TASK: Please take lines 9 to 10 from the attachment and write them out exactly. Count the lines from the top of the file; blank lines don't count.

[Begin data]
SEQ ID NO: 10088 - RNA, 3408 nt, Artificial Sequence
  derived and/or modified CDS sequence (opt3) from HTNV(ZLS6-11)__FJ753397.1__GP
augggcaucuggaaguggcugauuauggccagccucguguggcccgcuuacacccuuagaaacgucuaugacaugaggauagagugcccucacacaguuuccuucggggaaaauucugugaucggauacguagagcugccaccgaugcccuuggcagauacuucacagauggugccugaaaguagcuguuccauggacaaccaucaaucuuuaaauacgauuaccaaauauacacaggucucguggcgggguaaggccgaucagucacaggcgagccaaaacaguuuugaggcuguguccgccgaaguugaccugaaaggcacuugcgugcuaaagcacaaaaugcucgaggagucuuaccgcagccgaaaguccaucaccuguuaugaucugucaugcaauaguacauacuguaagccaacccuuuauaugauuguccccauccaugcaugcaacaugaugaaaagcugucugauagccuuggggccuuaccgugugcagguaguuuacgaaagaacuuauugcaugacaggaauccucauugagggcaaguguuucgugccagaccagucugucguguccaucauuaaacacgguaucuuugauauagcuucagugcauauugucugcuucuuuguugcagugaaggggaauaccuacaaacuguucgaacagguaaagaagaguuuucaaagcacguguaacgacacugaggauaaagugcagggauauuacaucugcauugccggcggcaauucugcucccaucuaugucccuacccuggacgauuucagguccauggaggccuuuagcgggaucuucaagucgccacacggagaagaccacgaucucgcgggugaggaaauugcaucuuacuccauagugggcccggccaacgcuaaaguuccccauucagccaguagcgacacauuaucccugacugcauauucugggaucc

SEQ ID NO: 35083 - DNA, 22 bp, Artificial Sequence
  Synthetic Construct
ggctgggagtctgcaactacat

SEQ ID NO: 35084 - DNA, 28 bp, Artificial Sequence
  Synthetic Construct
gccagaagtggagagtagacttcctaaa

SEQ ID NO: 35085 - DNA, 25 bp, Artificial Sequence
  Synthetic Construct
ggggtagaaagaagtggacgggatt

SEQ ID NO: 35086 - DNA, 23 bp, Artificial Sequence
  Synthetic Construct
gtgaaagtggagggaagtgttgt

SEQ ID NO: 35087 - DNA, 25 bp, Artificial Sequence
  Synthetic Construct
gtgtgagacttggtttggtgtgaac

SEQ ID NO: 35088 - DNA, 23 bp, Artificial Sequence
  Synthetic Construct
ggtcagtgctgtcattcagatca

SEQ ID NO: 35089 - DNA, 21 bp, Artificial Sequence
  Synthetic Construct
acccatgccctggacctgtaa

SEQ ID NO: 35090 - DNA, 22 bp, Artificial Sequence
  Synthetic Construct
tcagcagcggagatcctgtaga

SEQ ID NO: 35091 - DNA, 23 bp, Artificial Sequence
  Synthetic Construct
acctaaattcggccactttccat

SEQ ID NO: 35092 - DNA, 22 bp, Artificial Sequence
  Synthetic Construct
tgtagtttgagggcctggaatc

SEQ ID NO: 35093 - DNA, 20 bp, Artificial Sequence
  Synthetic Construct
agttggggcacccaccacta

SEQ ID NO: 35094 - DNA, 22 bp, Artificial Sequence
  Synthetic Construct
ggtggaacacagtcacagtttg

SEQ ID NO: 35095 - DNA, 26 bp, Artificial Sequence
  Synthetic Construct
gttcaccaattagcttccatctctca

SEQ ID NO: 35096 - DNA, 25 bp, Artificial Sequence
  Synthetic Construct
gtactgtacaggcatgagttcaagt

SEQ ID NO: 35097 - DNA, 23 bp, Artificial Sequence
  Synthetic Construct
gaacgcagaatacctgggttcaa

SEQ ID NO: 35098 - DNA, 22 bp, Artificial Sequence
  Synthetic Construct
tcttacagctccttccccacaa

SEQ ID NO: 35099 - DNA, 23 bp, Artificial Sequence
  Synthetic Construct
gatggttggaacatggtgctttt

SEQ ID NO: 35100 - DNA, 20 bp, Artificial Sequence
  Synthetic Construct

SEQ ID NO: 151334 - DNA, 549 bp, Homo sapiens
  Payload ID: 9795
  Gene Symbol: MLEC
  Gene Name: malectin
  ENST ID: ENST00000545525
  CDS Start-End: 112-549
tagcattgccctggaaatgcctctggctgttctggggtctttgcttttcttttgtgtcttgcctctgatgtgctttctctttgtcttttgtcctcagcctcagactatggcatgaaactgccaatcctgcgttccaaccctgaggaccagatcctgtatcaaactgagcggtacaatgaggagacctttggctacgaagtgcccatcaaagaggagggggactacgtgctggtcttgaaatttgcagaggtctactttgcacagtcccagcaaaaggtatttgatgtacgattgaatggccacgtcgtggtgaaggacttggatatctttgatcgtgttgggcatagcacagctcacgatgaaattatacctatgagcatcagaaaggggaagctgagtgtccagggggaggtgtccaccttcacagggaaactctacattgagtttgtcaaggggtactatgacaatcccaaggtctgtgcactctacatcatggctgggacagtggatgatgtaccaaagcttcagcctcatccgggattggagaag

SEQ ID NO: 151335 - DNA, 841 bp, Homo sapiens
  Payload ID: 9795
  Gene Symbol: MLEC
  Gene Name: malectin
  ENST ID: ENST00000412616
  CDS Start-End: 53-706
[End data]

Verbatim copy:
gccagaagtggagagtagacttcctaaa

SEQ ID NO: 35085 - DNA, 25 bp, Artificial Sequence